April is National Donate Life Month and organ donation is an important issue facing the country. Every year 100,000 Americans need an organ transplant, but only 22,000 took place in the United States last year. Only 18 percent of eligible New Yorkers are registered as organ donors. This is well below the national average of 42 percent. Sadly, someone is added to the transplant waiting list every 11 minutes. Considering organ donation is a good time to also consider other end-of-life issues and create a living will.
Almost anyone can be an organ donor. Medical history is generally more important than age. Liver donors have been as old as 92. Furthermore, there are very few diseases that will entirely bar donation. While certain organs may not be appropriate for transfer, it is possible that other organs and tissue are.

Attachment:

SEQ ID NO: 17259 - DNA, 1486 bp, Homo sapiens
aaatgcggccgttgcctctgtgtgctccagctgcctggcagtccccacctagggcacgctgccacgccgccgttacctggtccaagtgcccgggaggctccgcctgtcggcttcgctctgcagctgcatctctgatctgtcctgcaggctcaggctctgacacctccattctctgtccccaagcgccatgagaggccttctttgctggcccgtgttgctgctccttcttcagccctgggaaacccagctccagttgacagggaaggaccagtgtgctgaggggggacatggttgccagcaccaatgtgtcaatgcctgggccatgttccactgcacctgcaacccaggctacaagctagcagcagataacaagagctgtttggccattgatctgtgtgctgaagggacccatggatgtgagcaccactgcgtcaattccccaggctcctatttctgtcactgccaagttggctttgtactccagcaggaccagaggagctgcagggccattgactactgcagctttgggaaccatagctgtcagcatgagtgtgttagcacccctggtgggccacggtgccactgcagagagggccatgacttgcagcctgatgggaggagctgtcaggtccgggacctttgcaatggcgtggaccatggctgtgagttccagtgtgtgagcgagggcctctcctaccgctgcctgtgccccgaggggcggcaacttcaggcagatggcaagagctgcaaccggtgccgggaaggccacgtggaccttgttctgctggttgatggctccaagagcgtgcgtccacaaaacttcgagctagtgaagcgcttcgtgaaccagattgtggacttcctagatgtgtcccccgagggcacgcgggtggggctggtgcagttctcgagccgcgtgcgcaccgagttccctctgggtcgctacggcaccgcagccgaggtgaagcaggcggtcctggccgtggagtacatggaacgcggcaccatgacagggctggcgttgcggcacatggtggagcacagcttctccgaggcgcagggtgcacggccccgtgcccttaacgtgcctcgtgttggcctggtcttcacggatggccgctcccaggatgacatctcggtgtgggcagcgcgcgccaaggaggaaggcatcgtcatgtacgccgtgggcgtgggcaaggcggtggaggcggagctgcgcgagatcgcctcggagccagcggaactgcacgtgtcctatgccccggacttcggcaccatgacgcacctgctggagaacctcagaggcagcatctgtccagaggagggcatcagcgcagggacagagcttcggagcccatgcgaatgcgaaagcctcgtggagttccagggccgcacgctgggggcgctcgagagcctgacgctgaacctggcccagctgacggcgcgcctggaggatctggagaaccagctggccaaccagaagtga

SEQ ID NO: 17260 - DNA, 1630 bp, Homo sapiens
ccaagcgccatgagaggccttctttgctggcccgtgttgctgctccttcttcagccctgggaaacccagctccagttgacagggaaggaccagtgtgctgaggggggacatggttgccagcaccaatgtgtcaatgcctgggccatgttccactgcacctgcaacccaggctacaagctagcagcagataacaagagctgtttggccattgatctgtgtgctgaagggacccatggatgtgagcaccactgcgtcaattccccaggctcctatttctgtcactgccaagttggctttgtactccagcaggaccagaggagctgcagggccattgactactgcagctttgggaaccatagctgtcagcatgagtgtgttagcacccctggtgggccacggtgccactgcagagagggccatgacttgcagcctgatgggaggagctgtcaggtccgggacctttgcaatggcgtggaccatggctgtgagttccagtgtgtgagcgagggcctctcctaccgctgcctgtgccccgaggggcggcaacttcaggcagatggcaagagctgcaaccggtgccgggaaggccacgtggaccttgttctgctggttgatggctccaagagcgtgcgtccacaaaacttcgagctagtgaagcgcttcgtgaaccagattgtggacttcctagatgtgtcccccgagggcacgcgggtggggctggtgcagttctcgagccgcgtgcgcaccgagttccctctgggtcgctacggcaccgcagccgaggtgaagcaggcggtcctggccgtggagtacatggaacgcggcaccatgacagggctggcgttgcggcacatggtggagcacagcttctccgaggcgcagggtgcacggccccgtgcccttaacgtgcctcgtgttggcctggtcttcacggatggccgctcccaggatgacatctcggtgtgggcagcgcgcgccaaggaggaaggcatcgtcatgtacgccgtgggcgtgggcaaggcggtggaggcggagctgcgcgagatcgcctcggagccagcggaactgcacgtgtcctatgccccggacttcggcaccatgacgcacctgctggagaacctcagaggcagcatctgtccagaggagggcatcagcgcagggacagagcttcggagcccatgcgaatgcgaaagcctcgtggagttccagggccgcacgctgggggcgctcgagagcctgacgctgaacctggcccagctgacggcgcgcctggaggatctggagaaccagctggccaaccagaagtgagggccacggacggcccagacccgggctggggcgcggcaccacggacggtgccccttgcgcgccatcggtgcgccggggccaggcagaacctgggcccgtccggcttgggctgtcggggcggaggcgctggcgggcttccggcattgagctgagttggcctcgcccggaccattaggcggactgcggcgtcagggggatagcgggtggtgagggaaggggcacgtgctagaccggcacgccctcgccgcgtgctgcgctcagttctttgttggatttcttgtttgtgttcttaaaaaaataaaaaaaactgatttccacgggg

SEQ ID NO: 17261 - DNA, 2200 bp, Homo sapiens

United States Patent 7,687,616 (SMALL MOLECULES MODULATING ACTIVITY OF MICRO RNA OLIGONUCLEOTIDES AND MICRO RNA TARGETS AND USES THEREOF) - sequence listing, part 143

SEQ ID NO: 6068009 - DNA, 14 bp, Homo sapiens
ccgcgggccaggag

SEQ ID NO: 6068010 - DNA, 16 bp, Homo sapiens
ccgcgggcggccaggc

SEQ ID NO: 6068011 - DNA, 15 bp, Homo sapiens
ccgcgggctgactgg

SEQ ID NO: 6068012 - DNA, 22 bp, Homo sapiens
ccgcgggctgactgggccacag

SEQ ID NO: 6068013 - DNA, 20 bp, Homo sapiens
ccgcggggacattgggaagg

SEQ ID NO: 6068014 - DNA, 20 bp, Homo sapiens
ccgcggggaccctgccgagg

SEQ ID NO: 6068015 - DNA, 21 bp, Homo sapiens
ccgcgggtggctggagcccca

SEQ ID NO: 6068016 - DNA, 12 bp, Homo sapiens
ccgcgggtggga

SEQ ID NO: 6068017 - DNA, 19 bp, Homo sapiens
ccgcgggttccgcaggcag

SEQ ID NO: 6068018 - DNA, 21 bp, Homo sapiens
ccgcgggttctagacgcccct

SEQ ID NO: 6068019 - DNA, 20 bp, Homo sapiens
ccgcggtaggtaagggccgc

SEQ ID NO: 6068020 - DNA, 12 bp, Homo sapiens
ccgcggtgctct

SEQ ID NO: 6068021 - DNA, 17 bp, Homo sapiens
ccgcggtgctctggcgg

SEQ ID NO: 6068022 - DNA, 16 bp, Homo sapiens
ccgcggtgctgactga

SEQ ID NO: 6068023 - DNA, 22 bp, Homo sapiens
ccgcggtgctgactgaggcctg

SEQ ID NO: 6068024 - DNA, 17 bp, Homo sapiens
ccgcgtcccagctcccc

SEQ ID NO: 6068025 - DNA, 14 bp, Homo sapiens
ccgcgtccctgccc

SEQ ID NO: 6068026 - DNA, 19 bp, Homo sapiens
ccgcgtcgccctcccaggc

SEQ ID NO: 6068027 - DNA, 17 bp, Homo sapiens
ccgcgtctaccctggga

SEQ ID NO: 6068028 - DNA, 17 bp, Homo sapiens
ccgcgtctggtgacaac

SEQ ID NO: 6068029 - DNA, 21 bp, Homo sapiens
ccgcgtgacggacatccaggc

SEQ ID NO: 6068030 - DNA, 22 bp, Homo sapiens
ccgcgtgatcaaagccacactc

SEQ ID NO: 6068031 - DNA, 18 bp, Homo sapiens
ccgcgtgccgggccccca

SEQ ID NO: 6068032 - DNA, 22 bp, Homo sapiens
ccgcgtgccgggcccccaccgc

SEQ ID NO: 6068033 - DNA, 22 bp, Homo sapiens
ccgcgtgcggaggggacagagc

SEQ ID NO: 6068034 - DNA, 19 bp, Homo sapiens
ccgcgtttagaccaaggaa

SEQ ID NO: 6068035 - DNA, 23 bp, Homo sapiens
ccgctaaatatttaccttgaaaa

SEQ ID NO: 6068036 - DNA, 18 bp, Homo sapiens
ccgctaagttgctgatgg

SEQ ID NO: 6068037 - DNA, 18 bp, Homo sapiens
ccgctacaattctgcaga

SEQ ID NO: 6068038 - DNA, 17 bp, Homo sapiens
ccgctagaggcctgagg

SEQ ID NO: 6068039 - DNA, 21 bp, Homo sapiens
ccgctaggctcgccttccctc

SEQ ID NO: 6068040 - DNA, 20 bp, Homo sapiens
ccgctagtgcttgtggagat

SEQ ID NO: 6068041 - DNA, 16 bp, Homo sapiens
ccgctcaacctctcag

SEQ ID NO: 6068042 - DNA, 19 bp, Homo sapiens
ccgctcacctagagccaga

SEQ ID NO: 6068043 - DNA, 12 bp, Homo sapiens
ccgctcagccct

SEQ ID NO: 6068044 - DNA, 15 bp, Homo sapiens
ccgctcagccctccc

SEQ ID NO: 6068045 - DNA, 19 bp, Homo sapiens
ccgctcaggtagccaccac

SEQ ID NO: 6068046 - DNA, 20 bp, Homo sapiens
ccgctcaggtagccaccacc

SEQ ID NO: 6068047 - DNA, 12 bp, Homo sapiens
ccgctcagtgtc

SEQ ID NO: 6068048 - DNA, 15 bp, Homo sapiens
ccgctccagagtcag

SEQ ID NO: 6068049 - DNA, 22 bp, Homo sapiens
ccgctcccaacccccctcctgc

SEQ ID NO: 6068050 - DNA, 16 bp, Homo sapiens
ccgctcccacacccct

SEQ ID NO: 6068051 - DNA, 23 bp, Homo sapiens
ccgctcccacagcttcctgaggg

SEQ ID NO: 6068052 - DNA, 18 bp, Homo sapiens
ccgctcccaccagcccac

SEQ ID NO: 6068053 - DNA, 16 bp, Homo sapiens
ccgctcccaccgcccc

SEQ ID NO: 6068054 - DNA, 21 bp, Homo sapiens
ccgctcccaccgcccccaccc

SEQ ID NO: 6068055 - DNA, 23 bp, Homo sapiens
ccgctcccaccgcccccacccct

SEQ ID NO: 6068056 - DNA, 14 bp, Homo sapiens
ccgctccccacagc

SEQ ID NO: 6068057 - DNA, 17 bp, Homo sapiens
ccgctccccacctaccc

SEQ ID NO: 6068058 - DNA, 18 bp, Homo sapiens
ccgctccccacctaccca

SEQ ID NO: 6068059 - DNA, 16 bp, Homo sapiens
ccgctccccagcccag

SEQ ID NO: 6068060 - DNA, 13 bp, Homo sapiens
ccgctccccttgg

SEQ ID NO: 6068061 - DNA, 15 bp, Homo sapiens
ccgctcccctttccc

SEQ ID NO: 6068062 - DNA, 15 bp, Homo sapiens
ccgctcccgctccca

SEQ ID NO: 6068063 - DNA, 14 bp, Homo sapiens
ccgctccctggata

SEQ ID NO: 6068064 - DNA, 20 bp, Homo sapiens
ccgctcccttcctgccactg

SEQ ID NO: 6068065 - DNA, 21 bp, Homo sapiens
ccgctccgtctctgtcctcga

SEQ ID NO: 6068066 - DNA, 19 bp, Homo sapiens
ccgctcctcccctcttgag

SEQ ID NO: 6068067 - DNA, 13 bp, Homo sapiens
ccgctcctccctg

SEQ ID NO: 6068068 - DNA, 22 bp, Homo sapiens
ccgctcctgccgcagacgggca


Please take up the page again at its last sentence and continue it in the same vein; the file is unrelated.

Being an organ donor does not require a living will, but it is important to make other decisions like organ donations before it becomes impossible. Desires about life-sustaining treatments like respiration and ventilation must be legally documented. If they are not properly documented, it can be extremely difficult for spouses or children to make end of life decisions for a loved one.
It can be hard to talk about death, but a living will with specific instructions about treatment can provide peace of mind. Talking with family members will help them understand the personal decisions being made. Designating a health care proxy for decisions and speaking to them about the decisions you want to have made is very beneficial. Family members will be more comfortable making difficult decisions knowing it is what their loved one would want.
Source: Health News Digest, "Top 10 Things You Should Know about Organ Donation," April 9, 2012